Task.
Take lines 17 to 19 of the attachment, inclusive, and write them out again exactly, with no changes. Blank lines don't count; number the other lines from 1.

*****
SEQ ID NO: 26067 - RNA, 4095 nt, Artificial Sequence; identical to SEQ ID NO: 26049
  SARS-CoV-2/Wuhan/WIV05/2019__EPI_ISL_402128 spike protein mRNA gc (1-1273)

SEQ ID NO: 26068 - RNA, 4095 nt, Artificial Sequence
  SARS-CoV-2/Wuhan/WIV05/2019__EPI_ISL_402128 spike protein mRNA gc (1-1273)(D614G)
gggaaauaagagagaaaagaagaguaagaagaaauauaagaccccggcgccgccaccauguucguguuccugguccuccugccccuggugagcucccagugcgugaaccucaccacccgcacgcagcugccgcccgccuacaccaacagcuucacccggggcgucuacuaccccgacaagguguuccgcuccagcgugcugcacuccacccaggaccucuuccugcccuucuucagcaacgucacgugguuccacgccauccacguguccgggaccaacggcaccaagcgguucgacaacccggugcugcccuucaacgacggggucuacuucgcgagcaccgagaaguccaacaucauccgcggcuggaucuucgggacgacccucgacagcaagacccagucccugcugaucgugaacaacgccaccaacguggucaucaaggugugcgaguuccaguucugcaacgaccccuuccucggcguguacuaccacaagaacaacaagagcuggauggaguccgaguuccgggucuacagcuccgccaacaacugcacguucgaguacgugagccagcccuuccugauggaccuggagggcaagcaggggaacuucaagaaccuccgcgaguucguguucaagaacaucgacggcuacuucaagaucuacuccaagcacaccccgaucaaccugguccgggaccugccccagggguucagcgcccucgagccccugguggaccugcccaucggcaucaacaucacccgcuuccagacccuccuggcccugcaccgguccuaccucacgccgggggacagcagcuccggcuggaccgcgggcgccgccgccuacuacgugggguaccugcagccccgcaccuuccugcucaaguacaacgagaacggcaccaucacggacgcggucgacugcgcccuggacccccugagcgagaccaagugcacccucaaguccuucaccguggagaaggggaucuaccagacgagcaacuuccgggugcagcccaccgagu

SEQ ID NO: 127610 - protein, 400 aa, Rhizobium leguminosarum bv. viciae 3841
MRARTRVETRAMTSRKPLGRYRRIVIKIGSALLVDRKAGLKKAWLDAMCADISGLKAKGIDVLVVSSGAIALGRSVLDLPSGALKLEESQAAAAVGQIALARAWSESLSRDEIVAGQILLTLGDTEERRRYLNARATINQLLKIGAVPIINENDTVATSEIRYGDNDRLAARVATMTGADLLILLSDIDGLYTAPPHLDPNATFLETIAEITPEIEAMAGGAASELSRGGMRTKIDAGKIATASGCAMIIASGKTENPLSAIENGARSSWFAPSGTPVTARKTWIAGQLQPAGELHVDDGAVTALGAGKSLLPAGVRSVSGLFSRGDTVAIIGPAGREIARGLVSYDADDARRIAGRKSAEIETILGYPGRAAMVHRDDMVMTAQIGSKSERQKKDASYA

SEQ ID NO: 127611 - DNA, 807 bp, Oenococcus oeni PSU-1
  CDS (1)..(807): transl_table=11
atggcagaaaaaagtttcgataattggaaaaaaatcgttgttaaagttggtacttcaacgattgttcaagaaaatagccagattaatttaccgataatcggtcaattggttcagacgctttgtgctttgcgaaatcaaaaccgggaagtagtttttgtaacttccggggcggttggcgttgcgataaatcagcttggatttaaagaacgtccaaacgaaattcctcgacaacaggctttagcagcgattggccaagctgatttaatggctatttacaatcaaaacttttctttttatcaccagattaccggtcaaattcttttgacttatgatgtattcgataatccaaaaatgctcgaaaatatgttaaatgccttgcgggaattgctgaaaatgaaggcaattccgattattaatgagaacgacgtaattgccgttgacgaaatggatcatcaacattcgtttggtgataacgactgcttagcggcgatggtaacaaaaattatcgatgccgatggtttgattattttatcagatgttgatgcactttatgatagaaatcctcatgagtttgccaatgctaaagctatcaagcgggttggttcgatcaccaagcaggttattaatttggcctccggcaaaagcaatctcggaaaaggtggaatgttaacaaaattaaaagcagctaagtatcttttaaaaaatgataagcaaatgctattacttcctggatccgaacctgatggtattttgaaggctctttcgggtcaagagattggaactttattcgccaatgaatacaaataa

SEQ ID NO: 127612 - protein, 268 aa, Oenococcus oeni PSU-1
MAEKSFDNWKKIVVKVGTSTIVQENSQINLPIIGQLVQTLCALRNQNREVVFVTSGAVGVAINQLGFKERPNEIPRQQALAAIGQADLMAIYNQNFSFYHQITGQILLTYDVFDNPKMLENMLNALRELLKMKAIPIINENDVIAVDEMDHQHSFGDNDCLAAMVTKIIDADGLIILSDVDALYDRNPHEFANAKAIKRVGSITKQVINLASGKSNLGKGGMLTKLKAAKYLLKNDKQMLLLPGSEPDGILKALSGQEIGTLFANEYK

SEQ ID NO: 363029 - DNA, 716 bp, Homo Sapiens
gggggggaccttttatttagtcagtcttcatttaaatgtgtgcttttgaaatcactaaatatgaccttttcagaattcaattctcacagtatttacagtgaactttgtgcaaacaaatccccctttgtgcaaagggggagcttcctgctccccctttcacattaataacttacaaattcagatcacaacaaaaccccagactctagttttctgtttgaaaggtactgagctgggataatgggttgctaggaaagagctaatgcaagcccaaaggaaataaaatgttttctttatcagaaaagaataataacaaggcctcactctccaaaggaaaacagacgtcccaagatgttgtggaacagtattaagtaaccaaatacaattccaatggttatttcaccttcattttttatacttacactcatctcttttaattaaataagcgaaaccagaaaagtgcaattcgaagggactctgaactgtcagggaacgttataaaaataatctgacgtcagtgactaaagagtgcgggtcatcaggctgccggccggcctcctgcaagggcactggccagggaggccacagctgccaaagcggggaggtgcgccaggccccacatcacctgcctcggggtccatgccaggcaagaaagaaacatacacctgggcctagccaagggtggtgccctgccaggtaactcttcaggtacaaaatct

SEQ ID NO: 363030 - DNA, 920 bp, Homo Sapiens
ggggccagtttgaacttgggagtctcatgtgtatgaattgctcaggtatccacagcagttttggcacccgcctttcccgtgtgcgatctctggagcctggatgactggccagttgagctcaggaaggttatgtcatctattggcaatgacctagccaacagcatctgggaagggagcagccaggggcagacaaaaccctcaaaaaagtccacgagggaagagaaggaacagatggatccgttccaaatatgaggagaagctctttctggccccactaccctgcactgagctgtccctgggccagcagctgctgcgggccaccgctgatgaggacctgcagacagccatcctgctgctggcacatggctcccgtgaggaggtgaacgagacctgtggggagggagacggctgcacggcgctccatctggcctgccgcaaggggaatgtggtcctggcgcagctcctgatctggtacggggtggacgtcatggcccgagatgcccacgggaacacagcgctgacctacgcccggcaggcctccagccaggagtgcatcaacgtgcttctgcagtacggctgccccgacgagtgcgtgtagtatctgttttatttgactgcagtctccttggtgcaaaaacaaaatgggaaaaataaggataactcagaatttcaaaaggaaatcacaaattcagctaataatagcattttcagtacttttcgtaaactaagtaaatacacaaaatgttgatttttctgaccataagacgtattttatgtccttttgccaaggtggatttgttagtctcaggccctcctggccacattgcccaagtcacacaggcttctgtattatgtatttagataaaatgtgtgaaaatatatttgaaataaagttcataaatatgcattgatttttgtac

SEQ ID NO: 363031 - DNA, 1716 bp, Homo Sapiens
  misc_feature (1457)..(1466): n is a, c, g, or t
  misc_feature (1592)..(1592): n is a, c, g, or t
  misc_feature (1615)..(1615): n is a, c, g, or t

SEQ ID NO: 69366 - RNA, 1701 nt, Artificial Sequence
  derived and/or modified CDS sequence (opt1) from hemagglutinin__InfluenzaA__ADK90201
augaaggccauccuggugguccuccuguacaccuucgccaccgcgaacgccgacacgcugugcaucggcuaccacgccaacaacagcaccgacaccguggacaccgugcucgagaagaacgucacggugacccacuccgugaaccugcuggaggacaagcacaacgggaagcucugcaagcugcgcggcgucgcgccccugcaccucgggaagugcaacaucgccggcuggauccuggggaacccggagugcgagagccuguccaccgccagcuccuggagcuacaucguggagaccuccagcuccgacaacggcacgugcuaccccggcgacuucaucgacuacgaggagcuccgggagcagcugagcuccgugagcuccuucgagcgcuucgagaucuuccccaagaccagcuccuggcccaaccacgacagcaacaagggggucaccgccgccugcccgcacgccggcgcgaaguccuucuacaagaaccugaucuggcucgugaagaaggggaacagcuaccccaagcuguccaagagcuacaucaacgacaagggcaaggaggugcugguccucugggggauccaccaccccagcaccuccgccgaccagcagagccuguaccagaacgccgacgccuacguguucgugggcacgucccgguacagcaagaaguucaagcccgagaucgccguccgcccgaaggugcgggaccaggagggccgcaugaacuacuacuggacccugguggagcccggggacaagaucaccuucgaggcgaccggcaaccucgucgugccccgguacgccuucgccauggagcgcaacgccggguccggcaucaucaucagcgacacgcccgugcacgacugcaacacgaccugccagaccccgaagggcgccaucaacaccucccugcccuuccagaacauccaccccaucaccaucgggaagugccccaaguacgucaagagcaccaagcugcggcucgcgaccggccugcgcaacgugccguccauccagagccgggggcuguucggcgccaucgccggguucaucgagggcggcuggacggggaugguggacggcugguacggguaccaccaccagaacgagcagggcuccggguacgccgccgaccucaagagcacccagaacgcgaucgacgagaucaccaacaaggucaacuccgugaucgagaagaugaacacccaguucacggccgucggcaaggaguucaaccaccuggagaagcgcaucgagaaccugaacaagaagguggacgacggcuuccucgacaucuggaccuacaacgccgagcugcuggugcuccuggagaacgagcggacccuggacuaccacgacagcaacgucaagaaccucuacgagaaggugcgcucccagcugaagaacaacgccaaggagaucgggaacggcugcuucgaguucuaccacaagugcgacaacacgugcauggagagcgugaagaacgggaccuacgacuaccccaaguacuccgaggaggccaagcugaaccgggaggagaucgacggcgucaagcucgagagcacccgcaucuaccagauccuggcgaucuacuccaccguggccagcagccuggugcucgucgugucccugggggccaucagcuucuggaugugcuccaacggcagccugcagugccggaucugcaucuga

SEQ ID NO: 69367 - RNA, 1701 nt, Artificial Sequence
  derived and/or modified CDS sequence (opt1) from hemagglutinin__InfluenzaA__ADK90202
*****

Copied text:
SEQ ID NO: 363031 - DNA, 1716 bp, Homo Sapiens
  misc_feature (1457)..(1466): n is a, c, g, or t
  misc_feature (1592)..(1592): n is a, c, g, or t